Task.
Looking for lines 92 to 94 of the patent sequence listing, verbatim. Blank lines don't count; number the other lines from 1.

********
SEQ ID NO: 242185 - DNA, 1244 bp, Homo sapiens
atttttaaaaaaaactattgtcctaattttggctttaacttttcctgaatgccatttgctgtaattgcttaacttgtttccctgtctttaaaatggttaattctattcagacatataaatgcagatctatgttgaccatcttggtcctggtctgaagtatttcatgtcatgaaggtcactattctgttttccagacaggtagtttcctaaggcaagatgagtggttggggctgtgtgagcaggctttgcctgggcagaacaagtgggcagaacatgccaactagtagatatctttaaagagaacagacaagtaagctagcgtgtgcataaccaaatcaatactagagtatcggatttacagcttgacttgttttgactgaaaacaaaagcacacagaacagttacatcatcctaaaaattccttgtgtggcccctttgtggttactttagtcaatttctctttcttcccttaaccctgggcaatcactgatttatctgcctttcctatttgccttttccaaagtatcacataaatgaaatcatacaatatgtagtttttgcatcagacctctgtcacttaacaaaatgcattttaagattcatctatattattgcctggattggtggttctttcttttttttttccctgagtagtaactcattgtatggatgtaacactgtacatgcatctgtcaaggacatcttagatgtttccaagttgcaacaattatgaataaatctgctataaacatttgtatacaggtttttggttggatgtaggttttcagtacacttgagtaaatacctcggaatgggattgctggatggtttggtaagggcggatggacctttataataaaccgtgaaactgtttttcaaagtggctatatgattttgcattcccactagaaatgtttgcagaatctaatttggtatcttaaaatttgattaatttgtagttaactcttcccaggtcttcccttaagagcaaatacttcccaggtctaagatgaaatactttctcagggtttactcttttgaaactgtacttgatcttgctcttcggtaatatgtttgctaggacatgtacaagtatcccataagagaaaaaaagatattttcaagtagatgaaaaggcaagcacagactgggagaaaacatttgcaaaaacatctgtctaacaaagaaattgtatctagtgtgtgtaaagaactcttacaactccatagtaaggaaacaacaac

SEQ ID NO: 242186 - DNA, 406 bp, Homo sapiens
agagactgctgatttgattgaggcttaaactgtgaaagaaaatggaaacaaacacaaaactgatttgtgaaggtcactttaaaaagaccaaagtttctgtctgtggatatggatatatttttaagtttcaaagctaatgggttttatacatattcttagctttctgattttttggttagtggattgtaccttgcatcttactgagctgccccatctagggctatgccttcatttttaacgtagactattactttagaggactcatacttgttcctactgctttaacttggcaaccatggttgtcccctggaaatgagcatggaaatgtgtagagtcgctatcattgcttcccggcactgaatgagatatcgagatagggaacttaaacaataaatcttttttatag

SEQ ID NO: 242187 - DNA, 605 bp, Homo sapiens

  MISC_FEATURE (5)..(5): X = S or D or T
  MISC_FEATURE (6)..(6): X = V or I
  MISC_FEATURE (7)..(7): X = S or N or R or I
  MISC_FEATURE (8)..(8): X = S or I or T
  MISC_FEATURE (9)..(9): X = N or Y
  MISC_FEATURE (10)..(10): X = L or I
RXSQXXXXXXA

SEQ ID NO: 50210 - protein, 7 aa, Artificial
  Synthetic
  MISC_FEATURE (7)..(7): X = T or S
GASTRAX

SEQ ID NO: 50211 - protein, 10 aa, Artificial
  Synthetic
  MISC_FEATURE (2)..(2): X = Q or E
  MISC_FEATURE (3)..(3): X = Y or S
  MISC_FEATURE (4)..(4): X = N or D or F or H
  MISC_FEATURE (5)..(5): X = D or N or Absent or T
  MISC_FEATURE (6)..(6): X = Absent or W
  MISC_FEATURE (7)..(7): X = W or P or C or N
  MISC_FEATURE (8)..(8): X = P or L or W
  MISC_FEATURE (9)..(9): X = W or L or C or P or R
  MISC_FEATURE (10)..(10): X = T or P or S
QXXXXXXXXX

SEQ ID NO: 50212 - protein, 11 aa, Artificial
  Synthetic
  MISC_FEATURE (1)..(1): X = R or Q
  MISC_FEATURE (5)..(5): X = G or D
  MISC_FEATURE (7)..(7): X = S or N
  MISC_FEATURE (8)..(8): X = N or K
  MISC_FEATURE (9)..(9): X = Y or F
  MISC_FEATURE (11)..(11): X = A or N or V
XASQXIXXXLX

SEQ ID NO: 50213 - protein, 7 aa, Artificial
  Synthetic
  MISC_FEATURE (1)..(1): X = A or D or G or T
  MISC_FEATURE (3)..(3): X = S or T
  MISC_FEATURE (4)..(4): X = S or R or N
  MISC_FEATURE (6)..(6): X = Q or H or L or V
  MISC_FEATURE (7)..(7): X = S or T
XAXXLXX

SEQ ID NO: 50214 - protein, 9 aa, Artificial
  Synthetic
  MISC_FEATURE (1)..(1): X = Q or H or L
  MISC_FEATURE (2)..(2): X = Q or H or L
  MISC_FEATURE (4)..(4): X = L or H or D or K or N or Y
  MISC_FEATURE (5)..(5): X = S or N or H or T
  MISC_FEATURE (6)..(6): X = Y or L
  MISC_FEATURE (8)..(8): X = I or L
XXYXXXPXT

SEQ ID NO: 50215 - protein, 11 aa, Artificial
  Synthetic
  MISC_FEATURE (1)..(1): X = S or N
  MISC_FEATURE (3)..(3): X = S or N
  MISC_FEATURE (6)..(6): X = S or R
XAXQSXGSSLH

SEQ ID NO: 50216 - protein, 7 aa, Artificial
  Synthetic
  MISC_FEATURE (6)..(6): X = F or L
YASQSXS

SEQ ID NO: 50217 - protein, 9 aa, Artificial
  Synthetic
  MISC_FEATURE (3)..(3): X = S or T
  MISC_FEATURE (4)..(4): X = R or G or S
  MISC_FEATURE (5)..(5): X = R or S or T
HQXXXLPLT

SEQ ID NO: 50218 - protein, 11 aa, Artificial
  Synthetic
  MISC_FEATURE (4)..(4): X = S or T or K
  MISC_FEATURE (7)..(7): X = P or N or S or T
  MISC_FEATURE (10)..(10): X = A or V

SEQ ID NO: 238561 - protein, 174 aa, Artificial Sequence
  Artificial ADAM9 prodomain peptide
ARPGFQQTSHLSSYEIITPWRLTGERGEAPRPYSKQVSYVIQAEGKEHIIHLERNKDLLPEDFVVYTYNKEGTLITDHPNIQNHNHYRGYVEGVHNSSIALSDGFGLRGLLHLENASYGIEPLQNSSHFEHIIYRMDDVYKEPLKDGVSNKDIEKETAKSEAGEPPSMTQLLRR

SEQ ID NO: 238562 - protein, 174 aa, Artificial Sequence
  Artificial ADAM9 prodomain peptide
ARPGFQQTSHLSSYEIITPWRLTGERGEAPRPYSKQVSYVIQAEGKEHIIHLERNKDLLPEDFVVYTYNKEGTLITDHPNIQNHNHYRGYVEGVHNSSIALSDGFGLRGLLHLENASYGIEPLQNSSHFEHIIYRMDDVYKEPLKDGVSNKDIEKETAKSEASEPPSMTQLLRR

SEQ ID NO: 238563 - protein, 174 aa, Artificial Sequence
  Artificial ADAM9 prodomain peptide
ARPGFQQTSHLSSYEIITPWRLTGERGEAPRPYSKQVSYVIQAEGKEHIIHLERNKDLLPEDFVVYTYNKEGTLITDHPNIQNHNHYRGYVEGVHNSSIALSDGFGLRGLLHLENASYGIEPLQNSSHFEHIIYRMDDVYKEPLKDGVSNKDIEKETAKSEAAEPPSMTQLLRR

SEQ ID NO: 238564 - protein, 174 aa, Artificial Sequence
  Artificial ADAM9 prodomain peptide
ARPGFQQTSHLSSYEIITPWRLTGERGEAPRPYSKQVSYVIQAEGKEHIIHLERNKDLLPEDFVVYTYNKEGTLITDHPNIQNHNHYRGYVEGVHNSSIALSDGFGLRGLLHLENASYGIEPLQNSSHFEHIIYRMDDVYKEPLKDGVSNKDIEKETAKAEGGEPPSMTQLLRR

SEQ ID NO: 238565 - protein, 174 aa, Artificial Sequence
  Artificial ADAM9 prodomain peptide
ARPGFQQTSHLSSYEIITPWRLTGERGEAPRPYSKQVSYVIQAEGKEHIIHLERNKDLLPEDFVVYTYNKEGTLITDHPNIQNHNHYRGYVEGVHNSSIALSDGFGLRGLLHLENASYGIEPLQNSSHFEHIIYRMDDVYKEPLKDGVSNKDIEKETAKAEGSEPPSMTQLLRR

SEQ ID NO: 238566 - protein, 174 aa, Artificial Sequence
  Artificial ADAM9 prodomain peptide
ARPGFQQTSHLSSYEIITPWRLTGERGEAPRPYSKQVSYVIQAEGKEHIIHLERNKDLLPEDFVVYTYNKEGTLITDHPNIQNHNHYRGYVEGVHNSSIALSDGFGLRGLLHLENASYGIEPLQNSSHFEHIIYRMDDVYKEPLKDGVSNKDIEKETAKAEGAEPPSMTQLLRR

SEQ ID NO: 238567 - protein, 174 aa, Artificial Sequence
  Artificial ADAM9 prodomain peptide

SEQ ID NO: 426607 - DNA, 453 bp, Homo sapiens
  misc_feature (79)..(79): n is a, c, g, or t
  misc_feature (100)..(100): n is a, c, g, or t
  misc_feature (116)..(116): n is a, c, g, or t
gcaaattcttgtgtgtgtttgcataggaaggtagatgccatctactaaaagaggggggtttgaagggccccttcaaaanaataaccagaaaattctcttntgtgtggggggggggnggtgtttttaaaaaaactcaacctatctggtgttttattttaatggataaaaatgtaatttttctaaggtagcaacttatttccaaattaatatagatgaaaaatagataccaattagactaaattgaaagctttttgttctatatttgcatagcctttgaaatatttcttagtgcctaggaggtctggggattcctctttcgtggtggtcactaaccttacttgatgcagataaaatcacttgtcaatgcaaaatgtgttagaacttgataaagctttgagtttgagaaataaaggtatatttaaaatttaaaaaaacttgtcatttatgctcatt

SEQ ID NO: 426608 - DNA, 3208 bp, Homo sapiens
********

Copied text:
  Artificial ADAM9 prodomain peptide
ARPGFQQTSHLSSYEIITPWRLTGERGEAPRPYSKQVSYVIQAEGKEHIIHLERNKDLLPEDFVVYTYNKEGTLITDHPNIQNHNHYRGYVEGVHNSSIALSDGFGLRGLLHLENASYGIEPLQNSSHFEHIIYRMDDVYKEPLKDGVSNKDIEKETAKAEGAEPPSMTQLLRR

SEQ ID NO: 238567 - protein, 174 aa, Artificial Sequence